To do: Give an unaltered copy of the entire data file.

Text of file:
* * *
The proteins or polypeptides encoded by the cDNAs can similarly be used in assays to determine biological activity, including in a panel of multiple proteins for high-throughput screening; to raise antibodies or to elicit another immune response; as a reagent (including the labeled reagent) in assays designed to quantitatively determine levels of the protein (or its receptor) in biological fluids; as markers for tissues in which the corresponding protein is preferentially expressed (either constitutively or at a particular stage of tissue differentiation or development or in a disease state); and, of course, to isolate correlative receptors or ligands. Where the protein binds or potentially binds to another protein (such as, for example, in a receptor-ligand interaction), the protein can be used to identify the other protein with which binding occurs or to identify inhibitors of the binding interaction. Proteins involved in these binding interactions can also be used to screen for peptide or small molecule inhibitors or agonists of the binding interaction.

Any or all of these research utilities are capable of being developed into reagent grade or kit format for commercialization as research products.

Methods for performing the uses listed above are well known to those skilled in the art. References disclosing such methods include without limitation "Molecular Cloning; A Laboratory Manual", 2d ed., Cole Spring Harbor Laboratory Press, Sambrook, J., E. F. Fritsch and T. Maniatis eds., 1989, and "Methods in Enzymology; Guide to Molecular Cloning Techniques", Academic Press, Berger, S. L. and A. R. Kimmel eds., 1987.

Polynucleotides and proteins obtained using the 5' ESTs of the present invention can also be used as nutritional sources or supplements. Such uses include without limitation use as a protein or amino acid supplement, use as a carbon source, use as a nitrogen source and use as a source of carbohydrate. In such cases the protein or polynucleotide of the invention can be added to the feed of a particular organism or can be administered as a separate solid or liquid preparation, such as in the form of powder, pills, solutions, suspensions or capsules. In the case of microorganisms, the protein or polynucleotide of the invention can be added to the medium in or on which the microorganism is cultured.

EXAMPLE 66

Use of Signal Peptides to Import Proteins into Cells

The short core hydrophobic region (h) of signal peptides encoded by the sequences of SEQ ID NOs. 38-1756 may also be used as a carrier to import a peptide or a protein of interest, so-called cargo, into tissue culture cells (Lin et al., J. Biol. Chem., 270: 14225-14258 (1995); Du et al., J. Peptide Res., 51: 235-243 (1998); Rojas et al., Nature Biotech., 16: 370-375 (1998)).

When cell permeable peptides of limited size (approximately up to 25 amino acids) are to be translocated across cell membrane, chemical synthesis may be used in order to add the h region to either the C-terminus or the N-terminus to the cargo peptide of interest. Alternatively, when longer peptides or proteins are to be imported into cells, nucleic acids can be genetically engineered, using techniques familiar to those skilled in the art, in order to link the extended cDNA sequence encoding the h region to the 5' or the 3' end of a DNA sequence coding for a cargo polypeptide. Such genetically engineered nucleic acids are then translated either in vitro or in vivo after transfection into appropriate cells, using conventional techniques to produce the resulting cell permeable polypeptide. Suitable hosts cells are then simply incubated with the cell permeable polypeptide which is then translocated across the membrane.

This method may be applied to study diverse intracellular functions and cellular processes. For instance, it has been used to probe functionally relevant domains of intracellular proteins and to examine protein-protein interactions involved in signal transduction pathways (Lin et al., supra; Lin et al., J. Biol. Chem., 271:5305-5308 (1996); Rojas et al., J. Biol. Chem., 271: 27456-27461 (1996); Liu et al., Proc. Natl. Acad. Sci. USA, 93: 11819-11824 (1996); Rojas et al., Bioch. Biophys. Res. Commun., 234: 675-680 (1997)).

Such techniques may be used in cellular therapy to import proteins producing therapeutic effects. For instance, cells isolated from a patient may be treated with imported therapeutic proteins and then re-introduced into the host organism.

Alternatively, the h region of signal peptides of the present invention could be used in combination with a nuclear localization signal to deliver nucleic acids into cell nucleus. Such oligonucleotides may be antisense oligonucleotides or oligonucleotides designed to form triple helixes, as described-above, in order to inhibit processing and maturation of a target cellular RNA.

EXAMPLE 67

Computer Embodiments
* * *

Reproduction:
The proteins or polypeptides encoded by the cDNAs can similarly be used in assays to determine biological activity, including in a panel of multiple proteins for high-throughput screening; to raise antibodies or to elicit another immune response; as a reagent (including the labeled reagent) in assays designed to quantitatively determine levels of the protein (or its receptor) in biological fluids; as markers for tissues in which the corresponding protein is preferentially expressed (either constitutively or at a particular stage of tissue differentiation or development or in a disease state); and, of course, to isolate correlative receptors or ligands. Where the protein binds or potentially binds to another protein (such as, for example, in a receptor-ligand interaction), the protein can be used to identify the other protein with which binding occurs or to identify inhibitors of the binding interaction. Proteins involved in these binding interactions can also be used to screen for peptide or small molecule inhibitors or agonists of the binding interaction.

Any or all of these research utilities are capable of being developed into reagent grade or kit format for commercialization as research products.

Methods for performing the uses listed above are well known to those skilled in the art. References disclosing such methods include without limitation "Molecular Cloning; A Laboratory Manual", 2d ed., Cole Spring Harbor Laboratory Press, Sambrook, J., E. F. Fritsch and T. Maniatis eds., 1989, and "Methods in Enzymology; Guide to Molecular Cloning Techniques", Academic Press, Berger, S. L. and A. R. Kimmel eds., 1987.

Polynucleotides and proteins obtained using the 5' ESTs of the present invention can also be used as nutritional sources or supplements. Such uses include without limitation use as a protein or amino acid supplement, use as a carbon source, use as a nitrogen source and use as a source of carbohydrate. In such cases the protein or polynucleotide of the invention can be added to the feed of a particular organism or can be administered as a separate solid or liquid preparation, such as in the form of powder, pills, solutions, suspensions or capsules. In the case of microorganisms, the protein or polynucleotide of the invention can be added to the medium in or on which the microorganism is cultured.

EXAMPLE 66

Use of Signal Peptides to Import Proteins into Cells

The short core hydrophobic region (h) of signal peptides encoded by the sequences of SEQ ID NOs. 38-1756 may also be used as a carrier to import a peptide or a protein of interest, so-called cargo, into tissue culture cells (Lin et al., J. Biol. Chem., 270: 14225-14258 (1995); Du et al., J. Peptide Res., 51: 235-243 (1998); Rojas et al., Nature Biotech., 16: 370-375 (1998)).

When cell permeable peptides of limited size (approximately up to 25 amino acids) are to be translocated across cell membrane, chemical synthesis may be used in order to add the h region to either the C-terminus or the N-terminus to the cargo peptide of interest. Alternatively, when longer peptides or proteins are to be imported into cells, nucleic acids can be genetically engineered, using techniques familiar to those skilled in the art, in order to link the extended cDNA sequence encoding the h region to the 5' or the 3' end of a DNA sequence coding for a cargo polypeptide. Such genetically engineered nucleic acids are then translated either in vitro or in vivo after transfection into appropriate cells, using conventional techniques to produce the resulting cell permeable polypeptide. Suitable hosts cells are then simply incubated with the cell permeable polypeptide which is then translocated across the membrane.

This method may be applied to study diverse intracellular functions and cellular processes. For instance, it has been used to probe functionally relevant domains of intracellular proteins and to examine protein-protein interactions involved in signal transduction pathways (Lin et al., supra; Lin et al., J. Biol. Chem., 271:5305-5308 (1996); Rojas et al., J. Biol. Chem., 271: 27456-27461 (1996); Liu et al., Proc. Natl. Acad. Sci. USA, 93: 11819-11824 (1996); Rojas et al., Bioch. Biophys. Res. Commun., 234: 675-680 (1997)).

Such techniques may be used in cellular therapy to import proteins producing therapeutic effects. For instance, cells isolated from a patient may be treated with imported therapeutic proteins and then re-introduced into the host organism.

Alternatively, the h region of signal peptides of the present invention could be used in combination with a nuclear localization signal to deliver nucleic acids into cell nucleus. Such oligonucleotides may be antisense oligonucleotides or oligonucleotides designed to form triple helixes, as described-above, in order to inhibit processing and maturation of a target cellular RNA.

EXAMPLE 67

Computer Embodiments